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Old 09-21-2011, 07:57 AM   #1
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ISO veggie wax or coating

i've been taking in a load of peppers and cukes these past few weeks from my garden, and they've been going bad or geting soft and wrinkly before i could use them or preserve them in some way (pickling, freezing).

i've noticed many veggies bought from the supermarket are coated with something that helps to slow them from drying out and getting wrinkly; some kind of a thin, waxy substance.

does anyone know what that stuff is, and where i can get it/how to apply it?

tia for your help.

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Old 09-22-2011, 04:53 PM   #2
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BT I want to know too, I'm in the same boat. (I want some cucs on hand for rolled sushi in the winter.)

I have a block of wax.........wondering if I can melt some, dip into it with paper towel and coat the cucumbers. Then keep them in the veggie drawer of the fridge? As long as I peel them, what can it hurt?

Who would be a good person to ask? A produce manager maybe?
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Old 09-27-2011, 08:04 PM   #3
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bump.

anyone? anyone?

buehler?
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Old 09-27-2011, 08:16 PM   #4
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There is paraffin in most canning sections. Couldn't you just buy some of that and dip your stuff in it? You'd have to make sure its really dry first, but if its good enough to use on jam etc it should be fine for veggies.

I buy the parowax brand that is in little pellets. It melts better than the big chunk.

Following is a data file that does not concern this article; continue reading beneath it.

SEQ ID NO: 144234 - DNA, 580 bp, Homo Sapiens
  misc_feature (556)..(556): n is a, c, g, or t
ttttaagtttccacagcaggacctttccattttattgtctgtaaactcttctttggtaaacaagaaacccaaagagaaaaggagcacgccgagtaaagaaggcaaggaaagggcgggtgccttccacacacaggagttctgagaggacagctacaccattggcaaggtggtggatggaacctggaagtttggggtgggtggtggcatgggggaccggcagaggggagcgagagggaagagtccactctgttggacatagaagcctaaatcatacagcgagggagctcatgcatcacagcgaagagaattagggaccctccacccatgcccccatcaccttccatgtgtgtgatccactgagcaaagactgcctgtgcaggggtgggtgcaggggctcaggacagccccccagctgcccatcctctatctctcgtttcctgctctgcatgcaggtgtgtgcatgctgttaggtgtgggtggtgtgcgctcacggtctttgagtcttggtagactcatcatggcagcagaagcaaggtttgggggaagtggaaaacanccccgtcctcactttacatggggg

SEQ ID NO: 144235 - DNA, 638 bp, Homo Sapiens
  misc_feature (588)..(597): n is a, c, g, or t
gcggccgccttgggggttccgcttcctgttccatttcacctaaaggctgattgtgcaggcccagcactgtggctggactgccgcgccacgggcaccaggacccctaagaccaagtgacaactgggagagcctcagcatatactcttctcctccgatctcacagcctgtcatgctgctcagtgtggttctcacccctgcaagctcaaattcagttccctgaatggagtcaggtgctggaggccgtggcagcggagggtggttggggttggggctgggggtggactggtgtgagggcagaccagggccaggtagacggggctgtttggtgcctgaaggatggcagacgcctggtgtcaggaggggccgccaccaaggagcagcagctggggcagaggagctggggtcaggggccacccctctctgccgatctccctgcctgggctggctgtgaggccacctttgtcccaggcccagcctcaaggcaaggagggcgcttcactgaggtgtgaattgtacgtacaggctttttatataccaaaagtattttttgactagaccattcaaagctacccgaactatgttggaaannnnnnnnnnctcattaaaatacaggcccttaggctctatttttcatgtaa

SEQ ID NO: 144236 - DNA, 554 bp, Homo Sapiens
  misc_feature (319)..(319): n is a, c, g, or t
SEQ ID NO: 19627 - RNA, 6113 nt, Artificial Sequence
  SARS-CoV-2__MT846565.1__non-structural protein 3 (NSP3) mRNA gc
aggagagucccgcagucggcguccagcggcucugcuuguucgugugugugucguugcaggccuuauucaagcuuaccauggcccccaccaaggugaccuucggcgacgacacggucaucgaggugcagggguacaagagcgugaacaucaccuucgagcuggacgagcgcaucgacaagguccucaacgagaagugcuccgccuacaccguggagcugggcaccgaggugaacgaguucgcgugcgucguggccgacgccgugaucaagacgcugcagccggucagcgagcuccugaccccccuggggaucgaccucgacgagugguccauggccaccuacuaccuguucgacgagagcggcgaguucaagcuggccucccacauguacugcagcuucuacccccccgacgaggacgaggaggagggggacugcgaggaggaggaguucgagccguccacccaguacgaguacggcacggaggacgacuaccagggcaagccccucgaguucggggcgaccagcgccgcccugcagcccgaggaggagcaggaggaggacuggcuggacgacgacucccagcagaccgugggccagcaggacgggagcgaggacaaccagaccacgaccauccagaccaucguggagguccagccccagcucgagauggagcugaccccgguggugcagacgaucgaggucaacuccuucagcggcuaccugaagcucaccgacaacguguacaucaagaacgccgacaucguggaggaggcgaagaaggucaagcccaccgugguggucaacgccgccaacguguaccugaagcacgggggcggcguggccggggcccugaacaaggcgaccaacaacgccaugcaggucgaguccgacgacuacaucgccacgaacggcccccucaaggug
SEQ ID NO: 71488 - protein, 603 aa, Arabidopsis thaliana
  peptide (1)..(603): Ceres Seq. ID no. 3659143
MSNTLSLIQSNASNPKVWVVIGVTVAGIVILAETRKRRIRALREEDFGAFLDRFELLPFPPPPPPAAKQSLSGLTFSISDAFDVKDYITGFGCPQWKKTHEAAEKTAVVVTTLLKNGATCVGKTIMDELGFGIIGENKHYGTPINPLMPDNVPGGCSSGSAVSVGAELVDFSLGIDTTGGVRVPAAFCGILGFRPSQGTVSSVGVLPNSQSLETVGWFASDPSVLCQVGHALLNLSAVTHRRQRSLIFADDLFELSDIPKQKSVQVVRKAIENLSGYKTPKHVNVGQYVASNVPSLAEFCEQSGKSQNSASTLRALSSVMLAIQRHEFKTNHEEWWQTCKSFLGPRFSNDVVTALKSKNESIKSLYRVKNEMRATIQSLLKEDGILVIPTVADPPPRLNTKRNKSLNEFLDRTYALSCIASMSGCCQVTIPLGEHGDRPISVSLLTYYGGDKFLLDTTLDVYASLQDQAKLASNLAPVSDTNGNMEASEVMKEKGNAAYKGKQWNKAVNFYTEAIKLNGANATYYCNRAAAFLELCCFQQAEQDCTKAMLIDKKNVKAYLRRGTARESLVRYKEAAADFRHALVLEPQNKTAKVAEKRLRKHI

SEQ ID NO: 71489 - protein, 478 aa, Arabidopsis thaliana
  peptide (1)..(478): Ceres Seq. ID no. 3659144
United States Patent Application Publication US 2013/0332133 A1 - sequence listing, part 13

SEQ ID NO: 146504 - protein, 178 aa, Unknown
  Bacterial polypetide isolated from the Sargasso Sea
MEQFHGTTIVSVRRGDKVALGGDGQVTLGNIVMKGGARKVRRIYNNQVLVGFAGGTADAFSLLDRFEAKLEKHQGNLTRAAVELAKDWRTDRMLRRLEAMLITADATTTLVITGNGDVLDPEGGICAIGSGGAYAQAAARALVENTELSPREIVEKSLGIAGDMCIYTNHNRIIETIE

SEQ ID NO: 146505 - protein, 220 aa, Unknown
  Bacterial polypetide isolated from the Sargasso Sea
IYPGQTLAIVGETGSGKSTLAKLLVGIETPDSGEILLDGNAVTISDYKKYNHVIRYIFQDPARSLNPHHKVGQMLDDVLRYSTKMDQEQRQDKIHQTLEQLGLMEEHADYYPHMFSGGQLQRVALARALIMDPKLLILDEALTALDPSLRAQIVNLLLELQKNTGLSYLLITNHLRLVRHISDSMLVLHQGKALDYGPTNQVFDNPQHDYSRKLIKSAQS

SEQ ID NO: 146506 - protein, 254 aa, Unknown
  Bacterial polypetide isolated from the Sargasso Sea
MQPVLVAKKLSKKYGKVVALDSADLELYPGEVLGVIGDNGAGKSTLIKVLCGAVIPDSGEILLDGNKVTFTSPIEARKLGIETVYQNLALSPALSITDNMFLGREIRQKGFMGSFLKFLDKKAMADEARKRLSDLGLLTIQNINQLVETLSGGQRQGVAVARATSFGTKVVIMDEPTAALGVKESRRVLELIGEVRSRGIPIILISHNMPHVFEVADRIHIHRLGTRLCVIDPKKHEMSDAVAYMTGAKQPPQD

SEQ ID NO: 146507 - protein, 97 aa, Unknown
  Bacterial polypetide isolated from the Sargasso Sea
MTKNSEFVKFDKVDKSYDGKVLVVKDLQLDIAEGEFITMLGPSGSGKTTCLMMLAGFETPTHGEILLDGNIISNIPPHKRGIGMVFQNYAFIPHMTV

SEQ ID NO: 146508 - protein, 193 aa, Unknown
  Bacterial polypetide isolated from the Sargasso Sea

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Old 09-27-2011, 08:18 PM   #5
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that might work if i could get it really thin. thin enough to atomize. i don't want a thick layer of wax on the veggies.

thanks alix.
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Old 09-27-2011, 08:22 PM   #6
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I don't know if you could thin the wax. I'm thinking a dip into the hot wax and then let it drip off would leave a pretty thin coat. If you wanted thicker you would have to either dunk a cold veggie or keep redipping.

And if you get it on there, then you can check here later to remove it!
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Old 01-02-2012, 01:46 PM   #7
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wouldn't a cold veggie 'sweat' inside the wax, you know, hot outside, cold inside? i wonder if you could use one of those physical therapy paraffin baths with a controllable thermostat and a room temp veggie.
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Old 01-02-2012, 04:23 PM   #8
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Go in for a pedicure and ask if you can dip some of your veggies in their foot bath? Just kidding.
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Old 01-02-2012, 04:46 PM   #9
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I found a lot of interesting and possibly related stuff by googling "food grade wax" but nothing exactly intended as a consumer product. Many of these products are used to seal butcher blocks or probably in food canning... One link from China is the right product although good luck getting it from there to here, and might require special equipment to apply. This FDA link is interesting particularly near the bottom, explaining why wax is used on produce. I suggest you spend some time following the various links from that google search.
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Old 01-10-2012, 12:28 PM   #10
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Material Safety Data Sheet for Carnauba Wax Flakes

Liberty Natural Products - The Essential Oil Source

Carnuba and bee's wax are both available in food grade. Both can be used for sealing the skin of fruit and vegetables, and making them look "grocery store" shiny. Helps preserve by keeping moisture in. You might melt your wax in a saucepan and dip a cloth in then wipe your veggies.
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